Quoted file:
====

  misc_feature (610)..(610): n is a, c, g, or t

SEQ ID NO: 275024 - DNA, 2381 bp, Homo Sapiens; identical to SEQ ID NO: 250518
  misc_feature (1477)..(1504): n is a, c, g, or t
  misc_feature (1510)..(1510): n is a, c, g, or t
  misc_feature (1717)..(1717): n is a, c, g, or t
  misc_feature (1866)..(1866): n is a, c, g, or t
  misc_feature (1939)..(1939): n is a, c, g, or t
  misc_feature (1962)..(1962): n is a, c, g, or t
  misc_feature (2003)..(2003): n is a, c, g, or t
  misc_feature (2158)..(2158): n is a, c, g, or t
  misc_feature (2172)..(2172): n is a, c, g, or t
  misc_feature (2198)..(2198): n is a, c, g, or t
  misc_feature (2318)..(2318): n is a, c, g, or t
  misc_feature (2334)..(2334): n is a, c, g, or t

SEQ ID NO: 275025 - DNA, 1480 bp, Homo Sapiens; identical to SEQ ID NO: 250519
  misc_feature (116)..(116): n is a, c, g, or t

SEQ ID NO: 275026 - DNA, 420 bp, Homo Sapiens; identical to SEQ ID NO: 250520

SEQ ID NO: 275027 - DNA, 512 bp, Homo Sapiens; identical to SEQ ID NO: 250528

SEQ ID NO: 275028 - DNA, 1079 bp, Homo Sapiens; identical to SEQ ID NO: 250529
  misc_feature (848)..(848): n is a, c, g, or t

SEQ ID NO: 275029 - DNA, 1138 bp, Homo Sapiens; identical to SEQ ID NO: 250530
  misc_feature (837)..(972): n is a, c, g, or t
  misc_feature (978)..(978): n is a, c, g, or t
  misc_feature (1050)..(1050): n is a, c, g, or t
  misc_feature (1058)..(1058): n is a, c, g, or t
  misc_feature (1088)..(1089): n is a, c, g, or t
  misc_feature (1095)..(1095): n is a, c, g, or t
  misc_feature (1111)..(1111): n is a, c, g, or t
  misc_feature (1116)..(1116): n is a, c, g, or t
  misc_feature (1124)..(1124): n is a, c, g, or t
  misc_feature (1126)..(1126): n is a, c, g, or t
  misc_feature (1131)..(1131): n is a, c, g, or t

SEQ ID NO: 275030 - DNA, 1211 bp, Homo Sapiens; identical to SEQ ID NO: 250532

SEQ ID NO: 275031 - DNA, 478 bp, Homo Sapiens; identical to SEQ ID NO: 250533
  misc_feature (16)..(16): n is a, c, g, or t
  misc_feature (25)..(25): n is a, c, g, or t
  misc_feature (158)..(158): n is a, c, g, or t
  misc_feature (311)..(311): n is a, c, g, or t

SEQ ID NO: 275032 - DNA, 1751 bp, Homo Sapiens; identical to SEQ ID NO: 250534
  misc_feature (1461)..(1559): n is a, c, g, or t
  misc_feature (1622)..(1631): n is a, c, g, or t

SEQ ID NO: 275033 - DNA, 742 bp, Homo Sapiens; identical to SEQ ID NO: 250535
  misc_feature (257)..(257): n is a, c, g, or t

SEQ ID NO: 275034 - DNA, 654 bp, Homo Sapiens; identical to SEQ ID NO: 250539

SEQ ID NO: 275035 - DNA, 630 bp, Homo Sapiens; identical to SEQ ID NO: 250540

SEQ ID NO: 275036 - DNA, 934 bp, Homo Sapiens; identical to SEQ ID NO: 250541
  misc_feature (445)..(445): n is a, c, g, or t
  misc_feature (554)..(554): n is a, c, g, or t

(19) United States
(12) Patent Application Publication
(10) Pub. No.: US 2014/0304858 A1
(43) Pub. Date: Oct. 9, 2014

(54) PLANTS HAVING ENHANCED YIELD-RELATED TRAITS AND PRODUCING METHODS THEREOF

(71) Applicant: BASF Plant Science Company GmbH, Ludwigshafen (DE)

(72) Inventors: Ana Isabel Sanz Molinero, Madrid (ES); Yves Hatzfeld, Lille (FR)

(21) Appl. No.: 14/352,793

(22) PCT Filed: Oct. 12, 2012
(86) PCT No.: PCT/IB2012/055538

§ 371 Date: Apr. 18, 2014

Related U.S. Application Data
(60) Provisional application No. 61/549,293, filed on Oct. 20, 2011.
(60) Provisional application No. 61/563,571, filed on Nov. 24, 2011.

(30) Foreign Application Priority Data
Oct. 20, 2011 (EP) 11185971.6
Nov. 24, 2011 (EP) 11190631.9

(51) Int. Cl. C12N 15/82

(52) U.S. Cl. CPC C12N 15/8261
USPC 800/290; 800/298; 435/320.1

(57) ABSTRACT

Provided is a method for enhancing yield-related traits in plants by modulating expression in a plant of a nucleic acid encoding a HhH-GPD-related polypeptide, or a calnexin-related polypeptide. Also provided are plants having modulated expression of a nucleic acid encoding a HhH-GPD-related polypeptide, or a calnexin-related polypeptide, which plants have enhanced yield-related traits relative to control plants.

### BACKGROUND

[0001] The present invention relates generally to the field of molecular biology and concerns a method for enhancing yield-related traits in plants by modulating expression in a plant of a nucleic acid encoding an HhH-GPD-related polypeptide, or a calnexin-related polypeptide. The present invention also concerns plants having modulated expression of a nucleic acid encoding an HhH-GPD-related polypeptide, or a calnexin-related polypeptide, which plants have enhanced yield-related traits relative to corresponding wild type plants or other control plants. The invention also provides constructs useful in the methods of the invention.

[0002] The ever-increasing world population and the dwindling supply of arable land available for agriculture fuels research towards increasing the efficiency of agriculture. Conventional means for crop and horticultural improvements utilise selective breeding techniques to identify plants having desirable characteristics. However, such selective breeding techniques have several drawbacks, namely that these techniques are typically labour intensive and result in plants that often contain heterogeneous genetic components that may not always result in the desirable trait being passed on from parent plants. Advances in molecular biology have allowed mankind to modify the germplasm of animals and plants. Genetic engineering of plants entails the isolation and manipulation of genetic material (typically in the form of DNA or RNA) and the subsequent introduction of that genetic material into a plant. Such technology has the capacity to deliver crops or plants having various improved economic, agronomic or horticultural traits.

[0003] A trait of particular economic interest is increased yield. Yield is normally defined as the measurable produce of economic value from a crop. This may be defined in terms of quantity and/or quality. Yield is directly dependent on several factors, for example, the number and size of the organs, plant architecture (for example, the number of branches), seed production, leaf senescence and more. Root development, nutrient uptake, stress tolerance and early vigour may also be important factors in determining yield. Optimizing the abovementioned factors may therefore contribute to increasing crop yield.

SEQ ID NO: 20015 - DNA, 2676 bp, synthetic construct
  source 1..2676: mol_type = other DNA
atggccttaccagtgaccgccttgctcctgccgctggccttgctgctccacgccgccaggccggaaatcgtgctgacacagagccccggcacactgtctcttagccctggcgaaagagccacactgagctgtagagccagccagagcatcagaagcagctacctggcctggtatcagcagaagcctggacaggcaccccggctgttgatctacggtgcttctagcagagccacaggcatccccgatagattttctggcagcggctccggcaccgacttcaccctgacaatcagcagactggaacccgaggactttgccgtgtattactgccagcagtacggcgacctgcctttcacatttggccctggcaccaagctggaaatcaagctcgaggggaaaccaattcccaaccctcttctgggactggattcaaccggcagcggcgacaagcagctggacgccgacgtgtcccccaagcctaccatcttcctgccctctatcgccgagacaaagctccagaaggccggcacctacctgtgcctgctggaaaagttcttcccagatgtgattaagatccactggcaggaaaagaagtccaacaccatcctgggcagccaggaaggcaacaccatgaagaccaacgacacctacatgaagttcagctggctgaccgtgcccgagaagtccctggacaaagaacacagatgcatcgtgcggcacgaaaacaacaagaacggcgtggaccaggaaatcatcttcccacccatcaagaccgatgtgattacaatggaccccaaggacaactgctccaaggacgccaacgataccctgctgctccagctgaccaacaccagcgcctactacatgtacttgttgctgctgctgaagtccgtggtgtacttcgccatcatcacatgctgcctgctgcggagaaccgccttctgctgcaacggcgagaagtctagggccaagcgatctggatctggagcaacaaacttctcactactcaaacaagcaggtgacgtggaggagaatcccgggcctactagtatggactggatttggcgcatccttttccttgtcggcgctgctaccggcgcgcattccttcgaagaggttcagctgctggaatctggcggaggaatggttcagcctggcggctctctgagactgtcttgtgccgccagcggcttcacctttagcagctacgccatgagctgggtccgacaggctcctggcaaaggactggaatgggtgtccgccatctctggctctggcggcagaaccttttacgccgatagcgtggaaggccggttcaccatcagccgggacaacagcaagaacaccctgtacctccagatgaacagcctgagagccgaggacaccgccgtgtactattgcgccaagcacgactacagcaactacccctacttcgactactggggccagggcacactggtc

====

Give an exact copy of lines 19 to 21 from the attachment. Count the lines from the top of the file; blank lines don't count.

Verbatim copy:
SEQ ID NO: 275028 - DNA, 1079 bp, Homo Sapiens; identical to SEQ ID NO: 250529
  misc_feature (848)..(848): n is a, c, g, or t

SEQ ID NO: 275029 - DNA, 1138 bp, Homo Sapiens; identical to SEQ ID NO: 250530